According to Article 7 of the Trust Law, the existence of definite trust property is required for the creation of a trust and the trust property must be lawfully owned by the trustor (such property includes legislated property rights).

In the case of an insurance trust, the policyholder designates the trust as the insurance beneficiary and the trustee is thus entitled to receive the insurance proceeds on the occurrence of loss covered under the insurance policy. Meanwhile, the policyholder acts as trustor under the insurance trust and makes the insurance proceeds the trust property. In other words, the trustor under an insurance trust fulfils his or her duty of transferring property to the trustee by designating the insurance trust as the beneficiary of the underlying insurance policy. Moreover, the trustor also designates a trust beneficiary under the trust contract who can receive the investment proceeds from the trustee's management of the trust estate.

Through its sophisticated structure and contract clauses, the insurance trust complies with all requirements and principles under the Trust Law.


Before the emergence of insurance trusts, high-net-worth individuals were inclined to use either insurance or trusts as their essential investment vehicle. Insurance trusts not only enjoy the merits of both trusts and insurance, but also have their own distinct strong points. Although the insurance trust is a new product on the Chinese financing market, its combined benefits of preserving wealth, protecting beneficiary rights and segregating property make it an enticing, unique means of wealth management.

Insurance trusts make it possible for individuals to set up a family trust with lower initial costs, which can be attributed to the aleatory nature of insurance. The premiums paid by life insurance policyholders are relatively low in relation to the insurance proceeds gained by the insurance beneficiary. Consequently, on the death of the insured, the insurance proceeds transferred to the trust property can be substantial, even if the premiums are low. With the special leverage effect provided by insurance, the threshold of Rmb50 million – the general lowest value of trust property required to set up a family trust – is not beyond reach.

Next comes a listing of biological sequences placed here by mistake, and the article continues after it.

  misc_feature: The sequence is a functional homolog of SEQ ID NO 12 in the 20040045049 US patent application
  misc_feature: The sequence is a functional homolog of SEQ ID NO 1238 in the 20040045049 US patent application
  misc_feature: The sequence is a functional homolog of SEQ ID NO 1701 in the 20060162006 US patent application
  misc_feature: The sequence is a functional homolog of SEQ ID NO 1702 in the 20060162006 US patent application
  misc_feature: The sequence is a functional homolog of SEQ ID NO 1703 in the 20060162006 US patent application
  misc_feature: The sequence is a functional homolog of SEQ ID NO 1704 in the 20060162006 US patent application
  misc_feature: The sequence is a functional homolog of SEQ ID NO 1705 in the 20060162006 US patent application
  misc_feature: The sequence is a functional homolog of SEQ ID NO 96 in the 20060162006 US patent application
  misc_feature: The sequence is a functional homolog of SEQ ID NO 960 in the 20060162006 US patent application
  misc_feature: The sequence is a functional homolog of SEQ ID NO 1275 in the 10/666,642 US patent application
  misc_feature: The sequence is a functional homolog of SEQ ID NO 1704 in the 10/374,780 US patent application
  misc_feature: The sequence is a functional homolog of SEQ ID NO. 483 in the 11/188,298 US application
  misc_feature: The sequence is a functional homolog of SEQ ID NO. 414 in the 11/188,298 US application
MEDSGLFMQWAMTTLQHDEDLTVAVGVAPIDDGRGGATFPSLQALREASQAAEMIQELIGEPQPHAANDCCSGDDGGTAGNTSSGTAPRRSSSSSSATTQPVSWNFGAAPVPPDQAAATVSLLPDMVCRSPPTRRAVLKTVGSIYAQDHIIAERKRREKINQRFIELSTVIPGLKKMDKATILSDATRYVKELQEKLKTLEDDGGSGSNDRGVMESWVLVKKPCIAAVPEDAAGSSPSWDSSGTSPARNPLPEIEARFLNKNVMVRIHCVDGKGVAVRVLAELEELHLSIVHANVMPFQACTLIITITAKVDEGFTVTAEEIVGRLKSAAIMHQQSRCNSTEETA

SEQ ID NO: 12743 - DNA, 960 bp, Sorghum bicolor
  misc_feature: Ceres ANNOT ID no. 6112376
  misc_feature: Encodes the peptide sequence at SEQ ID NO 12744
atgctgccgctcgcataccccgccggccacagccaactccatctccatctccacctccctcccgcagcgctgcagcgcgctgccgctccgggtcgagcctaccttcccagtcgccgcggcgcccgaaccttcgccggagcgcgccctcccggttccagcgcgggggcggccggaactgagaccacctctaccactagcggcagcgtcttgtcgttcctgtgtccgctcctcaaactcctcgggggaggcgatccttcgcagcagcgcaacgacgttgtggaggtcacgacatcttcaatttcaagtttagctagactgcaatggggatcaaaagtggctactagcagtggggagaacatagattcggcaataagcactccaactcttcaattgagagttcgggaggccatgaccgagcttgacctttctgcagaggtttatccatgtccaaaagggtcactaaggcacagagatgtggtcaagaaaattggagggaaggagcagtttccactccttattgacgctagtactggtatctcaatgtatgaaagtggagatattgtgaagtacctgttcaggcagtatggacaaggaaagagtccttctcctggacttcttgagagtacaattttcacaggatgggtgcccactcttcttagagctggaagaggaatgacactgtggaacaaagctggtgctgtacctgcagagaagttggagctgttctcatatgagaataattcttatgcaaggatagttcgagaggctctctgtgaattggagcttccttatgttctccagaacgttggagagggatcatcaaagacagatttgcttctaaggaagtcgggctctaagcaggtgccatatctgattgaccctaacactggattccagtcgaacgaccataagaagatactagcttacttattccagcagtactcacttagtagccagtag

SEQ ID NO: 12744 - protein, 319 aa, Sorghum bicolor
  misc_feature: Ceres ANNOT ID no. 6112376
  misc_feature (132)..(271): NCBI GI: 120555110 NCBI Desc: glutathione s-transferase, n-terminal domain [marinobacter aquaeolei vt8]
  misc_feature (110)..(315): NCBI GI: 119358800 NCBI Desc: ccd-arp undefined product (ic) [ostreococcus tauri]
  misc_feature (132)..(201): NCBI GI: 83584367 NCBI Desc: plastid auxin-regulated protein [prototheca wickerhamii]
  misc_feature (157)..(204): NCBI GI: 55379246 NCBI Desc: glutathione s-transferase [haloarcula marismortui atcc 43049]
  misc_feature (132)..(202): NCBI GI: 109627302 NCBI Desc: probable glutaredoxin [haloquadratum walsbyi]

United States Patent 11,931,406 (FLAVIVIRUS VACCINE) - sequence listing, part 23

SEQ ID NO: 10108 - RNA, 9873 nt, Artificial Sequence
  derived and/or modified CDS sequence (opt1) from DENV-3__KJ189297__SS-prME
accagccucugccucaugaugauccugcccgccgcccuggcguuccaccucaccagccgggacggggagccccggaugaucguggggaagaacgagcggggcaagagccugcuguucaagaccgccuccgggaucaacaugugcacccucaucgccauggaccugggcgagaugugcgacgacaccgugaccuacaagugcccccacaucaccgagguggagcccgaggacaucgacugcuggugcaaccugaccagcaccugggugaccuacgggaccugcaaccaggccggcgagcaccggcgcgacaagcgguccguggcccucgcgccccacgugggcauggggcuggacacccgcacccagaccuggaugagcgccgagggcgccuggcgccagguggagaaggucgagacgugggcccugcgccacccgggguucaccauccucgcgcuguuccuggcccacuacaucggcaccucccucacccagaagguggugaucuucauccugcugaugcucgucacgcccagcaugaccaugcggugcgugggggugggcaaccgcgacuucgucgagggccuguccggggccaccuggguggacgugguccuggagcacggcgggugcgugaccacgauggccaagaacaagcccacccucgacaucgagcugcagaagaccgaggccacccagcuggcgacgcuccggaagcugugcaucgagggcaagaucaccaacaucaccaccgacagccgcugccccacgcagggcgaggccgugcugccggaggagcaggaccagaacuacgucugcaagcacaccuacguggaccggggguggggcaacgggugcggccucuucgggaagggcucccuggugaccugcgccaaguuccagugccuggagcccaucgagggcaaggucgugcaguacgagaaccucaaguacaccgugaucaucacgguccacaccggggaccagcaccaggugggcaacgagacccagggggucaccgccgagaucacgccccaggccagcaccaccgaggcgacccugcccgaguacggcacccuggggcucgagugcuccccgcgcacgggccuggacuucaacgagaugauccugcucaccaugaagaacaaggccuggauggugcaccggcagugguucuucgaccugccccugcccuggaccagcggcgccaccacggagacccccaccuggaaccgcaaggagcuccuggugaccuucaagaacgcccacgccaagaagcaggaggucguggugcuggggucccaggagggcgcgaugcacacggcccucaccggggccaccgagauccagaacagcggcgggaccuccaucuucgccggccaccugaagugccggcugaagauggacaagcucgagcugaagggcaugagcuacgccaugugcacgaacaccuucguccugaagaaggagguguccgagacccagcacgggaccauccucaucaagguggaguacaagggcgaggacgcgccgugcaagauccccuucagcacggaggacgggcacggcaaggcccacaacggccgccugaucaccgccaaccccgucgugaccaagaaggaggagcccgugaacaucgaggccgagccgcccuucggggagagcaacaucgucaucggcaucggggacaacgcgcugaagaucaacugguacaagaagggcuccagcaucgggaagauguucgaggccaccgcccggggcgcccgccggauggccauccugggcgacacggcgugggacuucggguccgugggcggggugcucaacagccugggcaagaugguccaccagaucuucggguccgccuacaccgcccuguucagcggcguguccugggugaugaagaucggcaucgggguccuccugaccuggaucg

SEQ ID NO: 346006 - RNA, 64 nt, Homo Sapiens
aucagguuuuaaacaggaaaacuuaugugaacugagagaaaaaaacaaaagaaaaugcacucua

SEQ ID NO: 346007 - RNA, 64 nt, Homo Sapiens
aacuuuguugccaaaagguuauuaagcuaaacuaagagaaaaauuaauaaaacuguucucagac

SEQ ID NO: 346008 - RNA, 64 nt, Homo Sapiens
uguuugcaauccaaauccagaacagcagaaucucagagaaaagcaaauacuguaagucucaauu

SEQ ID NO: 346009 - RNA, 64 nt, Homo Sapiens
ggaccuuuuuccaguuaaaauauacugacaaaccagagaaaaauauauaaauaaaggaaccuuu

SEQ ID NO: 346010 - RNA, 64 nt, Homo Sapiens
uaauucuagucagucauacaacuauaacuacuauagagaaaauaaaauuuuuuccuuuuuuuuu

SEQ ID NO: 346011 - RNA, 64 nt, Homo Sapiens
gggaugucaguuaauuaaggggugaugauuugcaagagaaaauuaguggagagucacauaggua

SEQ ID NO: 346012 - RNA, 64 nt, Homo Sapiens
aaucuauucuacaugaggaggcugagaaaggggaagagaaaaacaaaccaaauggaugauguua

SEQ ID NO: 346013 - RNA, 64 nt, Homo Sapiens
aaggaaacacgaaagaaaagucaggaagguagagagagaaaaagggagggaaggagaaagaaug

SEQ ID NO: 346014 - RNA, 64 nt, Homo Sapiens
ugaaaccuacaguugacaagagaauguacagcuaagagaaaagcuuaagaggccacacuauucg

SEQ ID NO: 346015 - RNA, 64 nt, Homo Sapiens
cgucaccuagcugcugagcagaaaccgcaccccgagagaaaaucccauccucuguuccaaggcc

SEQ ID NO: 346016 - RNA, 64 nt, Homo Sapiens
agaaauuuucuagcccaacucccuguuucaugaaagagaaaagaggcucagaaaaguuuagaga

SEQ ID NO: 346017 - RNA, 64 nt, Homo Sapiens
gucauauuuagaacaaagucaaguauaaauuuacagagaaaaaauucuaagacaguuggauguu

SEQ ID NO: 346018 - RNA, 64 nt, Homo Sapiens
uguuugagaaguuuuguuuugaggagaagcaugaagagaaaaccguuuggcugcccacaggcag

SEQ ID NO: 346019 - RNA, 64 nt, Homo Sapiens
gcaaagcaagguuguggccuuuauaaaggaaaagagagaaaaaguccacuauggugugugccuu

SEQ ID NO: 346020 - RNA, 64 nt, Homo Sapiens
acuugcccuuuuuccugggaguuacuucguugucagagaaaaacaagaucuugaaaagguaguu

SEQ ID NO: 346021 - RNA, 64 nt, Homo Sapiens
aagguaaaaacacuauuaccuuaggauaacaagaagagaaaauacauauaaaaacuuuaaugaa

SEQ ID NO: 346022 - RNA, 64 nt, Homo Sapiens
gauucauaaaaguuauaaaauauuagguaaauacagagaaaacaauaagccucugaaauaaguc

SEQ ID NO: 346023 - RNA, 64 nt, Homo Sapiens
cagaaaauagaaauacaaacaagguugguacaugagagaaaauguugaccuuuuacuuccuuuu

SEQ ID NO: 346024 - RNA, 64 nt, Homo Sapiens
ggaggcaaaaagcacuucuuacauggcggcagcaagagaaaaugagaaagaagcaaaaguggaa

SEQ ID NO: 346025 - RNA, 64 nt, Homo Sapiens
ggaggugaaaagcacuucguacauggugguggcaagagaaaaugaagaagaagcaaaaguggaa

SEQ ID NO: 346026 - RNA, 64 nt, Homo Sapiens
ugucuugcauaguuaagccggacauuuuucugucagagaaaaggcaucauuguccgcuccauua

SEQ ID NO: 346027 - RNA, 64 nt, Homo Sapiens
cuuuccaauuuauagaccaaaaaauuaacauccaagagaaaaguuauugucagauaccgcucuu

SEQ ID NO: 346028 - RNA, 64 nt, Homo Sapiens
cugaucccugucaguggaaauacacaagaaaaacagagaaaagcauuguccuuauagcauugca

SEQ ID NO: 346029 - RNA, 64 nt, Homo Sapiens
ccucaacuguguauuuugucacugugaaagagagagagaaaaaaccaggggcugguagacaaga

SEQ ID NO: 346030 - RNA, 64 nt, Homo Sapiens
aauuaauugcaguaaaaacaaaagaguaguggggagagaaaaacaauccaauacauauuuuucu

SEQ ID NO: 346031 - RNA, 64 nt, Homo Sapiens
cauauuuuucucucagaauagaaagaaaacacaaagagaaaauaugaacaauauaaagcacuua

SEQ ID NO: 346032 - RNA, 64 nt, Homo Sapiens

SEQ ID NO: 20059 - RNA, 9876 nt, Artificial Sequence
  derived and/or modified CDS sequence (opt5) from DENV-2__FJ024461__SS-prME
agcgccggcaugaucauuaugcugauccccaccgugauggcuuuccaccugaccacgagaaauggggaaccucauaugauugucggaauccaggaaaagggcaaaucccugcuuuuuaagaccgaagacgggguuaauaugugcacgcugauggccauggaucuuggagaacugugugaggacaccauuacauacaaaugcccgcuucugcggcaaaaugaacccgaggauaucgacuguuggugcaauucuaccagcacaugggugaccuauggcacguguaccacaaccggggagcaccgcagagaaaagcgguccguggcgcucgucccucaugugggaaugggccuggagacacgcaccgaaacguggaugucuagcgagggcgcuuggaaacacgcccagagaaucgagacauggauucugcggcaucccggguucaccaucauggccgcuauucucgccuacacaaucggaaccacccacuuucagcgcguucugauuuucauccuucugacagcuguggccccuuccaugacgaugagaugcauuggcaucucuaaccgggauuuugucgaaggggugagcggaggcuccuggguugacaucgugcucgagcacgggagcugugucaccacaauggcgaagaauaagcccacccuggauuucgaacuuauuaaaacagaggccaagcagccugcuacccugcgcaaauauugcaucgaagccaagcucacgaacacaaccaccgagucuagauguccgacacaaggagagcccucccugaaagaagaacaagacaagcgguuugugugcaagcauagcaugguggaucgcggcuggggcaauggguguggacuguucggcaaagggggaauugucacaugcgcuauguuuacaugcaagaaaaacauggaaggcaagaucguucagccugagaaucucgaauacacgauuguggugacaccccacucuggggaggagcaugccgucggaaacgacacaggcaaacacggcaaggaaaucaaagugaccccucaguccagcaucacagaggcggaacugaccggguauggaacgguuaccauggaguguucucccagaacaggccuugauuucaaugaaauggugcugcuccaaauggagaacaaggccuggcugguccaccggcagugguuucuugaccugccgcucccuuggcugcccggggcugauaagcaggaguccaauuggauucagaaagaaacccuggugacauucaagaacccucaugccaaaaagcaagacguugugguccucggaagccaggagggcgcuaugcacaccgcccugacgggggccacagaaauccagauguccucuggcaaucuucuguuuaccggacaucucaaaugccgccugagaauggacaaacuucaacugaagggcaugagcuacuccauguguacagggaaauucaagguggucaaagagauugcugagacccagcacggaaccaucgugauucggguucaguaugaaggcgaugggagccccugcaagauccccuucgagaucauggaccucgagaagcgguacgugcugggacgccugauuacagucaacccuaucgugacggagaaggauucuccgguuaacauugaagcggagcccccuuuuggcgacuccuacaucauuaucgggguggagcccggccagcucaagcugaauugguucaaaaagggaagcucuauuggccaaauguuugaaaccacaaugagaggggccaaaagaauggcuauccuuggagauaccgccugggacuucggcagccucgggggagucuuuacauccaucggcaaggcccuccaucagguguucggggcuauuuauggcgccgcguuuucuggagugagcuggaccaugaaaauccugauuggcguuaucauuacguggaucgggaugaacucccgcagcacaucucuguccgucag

Insurance trusts allow the life insurance policyholder (the trustor) to decide on how to distribute investment proceeds and use underlying proceeds, and also facilitate private wealth growth via the professional management and investment activities undertaken by the trustee.

Insurance trusts meet the needs of a diverse range of investors due to their highly customisable nature, especially for investors:

  • whose children are too young to handle financial matters or are otherwise unable to manage high-value property; and
  • who wish to keep the property from being embezzled.

Moreover, trust property is completely independent under the Trust Law and therefore has immunity against enforcement procedures. Once the life insurance proceeds are transferred to the insurance trust and become trust property, creditors of the policyholder or trust beneficiary cannot claim to settle debts with the insurance proceeds, unless the debts arise from the circumstances provided under Article 17 of the Trust Law.

Finally, insurance trusts are a special type of private trust; there is no prior legal approval procedure or registration requirement for their creation. The management and operation of the insurance trust and investments made with the trust property are all conducted in the name of trustee. Pursuant to the trust contract, the trustee is bound by a duty to maintain confidentiality. Therefore, the insurance trust is an ideal means of keeping the property data and personal information of the trust beneficiary strictly confidential.

For further information on this topic please contact Hao Zhan, Yibin Xia, Dong Mingjun or Ma Yue at AnJie Law Firm by telephone (+86 10 8567 5988) or email (,, or The AnJie Law Firm website can be accessed at

This article was first published by the International Law Office, a premium online legal update service for major companies and law firms worldwide. Register for a free subscription.